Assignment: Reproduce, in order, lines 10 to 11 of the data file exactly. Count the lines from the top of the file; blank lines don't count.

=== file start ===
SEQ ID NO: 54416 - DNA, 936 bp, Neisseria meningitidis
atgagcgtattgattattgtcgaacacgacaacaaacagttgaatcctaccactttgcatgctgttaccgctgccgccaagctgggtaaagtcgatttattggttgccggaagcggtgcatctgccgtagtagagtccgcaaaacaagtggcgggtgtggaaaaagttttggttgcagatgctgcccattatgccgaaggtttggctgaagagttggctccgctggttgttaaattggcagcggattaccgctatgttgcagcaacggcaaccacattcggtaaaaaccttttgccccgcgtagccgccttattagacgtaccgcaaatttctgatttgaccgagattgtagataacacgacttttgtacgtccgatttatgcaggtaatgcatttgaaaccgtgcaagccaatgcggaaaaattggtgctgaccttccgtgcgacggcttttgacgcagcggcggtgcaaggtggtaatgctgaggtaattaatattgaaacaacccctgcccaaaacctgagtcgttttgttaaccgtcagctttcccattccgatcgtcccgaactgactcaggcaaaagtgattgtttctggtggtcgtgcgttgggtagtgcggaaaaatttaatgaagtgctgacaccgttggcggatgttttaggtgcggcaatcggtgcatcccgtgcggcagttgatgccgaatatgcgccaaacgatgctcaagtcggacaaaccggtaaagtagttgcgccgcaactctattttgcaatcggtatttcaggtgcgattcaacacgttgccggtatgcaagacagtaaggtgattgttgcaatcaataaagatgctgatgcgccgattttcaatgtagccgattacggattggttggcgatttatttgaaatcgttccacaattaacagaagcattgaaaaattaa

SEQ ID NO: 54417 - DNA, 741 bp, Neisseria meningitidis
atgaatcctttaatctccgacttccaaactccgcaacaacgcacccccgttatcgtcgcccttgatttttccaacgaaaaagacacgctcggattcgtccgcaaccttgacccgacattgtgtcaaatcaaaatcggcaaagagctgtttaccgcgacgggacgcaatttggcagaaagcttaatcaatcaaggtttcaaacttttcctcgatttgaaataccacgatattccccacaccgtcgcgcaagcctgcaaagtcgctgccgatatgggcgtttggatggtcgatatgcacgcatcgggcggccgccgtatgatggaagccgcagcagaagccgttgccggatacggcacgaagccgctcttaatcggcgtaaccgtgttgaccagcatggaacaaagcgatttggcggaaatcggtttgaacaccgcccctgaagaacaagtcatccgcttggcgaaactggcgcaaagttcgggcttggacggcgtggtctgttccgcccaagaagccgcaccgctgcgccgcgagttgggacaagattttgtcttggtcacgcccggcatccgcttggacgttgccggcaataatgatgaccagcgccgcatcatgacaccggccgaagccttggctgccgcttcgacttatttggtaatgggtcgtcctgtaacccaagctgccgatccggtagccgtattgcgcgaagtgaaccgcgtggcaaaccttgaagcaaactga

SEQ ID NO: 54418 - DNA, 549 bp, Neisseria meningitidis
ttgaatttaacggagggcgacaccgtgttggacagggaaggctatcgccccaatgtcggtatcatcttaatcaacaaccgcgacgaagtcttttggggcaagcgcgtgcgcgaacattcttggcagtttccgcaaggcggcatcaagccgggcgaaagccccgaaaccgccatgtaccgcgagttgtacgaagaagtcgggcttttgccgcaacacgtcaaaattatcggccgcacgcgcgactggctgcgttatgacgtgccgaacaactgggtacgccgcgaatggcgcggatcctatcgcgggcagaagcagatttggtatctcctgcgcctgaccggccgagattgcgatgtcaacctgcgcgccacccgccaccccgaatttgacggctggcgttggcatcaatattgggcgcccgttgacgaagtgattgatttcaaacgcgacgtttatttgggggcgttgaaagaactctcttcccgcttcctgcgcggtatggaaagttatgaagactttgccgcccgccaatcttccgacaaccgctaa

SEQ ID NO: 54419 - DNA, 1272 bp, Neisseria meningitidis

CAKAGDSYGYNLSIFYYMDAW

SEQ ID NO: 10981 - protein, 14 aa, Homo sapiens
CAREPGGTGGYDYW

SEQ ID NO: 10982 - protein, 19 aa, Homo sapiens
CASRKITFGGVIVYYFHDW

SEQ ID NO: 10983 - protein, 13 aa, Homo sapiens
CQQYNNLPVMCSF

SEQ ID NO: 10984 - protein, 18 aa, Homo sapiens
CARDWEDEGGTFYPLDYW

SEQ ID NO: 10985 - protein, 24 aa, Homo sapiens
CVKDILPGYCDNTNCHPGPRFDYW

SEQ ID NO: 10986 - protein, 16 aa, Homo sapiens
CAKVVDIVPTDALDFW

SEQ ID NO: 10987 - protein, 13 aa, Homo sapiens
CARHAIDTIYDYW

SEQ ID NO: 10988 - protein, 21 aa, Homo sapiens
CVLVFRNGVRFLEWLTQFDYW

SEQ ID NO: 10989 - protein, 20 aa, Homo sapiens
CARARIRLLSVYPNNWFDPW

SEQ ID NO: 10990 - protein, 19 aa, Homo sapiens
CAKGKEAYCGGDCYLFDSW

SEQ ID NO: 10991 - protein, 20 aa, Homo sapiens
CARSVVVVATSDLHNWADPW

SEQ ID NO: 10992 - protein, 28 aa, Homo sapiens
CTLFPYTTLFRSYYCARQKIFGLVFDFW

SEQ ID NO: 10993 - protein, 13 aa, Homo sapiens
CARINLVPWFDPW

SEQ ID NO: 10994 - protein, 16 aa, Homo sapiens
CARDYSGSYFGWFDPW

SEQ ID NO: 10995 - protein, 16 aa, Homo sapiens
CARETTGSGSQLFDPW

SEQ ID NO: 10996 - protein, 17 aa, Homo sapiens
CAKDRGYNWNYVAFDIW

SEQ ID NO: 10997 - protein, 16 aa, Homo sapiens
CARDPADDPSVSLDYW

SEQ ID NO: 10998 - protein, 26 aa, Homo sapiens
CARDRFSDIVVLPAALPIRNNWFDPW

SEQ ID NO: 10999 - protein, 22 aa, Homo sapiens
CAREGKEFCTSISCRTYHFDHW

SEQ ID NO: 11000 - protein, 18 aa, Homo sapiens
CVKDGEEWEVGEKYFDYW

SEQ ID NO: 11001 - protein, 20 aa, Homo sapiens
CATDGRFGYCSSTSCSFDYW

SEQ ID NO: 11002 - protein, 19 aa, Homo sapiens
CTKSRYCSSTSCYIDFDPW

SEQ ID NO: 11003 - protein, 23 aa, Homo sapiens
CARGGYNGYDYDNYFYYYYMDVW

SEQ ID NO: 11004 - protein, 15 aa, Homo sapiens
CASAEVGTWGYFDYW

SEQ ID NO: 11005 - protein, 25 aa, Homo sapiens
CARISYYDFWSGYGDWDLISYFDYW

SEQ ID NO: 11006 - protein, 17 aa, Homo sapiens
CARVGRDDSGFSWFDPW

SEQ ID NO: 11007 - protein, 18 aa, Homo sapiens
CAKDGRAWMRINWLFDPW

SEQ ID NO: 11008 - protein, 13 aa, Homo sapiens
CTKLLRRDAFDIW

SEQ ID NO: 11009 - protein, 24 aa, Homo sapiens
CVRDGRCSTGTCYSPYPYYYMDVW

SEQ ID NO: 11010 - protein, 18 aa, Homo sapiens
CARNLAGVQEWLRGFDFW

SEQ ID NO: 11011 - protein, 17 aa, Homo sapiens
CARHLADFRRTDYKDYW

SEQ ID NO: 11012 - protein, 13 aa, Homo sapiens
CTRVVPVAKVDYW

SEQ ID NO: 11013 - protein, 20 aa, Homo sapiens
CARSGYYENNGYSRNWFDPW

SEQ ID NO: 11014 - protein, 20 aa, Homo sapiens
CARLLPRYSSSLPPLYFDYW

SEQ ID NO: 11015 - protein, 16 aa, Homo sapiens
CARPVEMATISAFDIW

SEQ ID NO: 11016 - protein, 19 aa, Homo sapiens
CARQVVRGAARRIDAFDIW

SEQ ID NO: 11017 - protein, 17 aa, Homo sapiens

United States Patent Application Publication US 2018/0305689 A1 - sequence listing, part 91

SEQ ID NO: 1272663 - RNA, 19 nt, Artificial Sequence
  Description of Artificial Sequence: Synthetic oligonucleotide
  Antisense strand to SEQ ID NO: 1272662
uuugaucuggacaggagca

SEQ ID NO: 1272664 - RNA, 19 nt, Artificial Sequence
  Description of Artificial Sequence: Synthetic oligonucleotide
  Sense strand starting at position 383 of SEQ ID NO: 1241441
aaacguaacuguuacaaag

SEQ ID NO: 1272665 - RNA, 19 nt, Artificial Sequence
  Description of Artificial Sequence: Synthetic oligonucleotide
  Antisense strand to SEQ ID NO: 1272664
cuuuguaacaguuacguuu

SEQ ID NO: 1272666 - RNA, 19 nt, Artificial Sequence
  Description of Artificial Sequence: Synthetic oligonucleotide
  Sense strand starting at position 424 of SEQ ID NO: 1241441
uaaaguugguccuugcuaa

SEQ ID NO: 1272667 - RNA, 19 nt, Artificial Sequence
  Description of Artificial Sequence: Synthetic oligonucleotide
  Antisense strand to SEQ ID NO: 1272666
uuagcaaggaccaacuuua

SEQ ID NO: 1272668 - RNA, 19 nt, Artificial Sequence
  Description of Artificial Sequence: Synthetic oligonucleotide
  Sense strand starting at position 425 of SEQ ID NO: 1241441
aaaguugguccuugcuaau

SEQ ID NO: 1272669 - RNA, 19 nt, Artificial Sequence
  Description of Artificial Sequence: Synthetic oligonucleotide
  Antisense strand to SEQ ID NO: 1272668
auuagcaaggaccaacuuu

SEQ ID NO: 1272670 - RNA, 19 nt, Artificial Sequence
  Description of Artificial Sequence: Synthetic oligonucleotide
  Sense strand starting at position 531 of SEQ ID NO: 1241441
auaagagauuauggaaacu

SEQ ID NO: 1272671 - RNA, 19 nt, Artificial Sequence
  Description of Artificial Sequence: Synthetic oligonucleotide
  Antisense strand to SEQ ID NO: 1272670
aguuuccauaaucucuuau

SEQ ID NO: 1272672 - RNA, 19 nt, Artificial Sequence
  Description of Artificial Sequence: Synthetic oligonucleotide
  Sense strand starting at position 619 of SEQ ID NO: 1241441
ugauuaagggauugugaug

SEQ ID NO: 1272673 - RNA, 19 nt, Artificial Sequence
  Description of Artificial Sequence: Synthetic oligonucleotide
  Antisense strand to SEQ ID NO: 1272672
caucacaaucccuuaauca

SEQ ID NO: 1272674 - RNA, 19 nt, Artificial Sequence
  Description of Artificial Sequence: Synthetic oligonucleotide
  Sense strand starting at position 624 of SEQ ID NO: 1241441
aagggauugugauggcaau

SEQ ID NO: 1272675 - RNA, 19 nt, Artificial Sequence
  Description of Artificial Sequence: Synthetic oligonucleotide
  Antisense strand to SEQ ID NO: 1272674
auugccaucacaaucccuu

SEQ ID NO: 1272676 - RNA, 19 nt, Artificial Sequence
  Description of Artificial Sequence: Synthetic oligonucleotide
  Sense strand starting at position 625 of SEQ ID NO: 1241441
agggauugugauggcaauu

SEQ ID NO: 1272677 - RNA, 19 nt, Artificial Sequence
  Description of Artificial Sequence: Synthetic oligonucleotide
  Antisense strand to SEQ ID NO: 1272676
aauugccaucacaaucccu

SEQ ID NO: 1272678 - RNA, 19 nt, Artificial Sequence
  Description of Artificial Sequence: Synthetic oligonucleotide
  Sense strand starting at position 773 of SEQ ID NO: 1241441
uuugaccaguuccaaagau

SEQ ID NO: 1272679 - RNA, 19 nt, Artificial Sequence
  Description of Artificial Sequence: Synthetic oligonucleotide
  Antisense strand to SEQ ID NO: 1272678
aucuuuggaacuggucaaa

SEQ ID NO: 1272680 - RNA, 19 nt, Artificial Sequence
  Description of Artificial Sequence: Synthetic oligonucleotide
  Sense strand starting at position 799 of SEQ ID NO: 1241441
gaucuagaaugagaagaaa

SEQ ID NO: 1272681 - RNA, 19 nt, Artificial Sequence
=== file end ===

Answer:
CAREPGGTGGYDYW

SEQ ID NO: 10982 - protein, 19 aa, Homo sapiens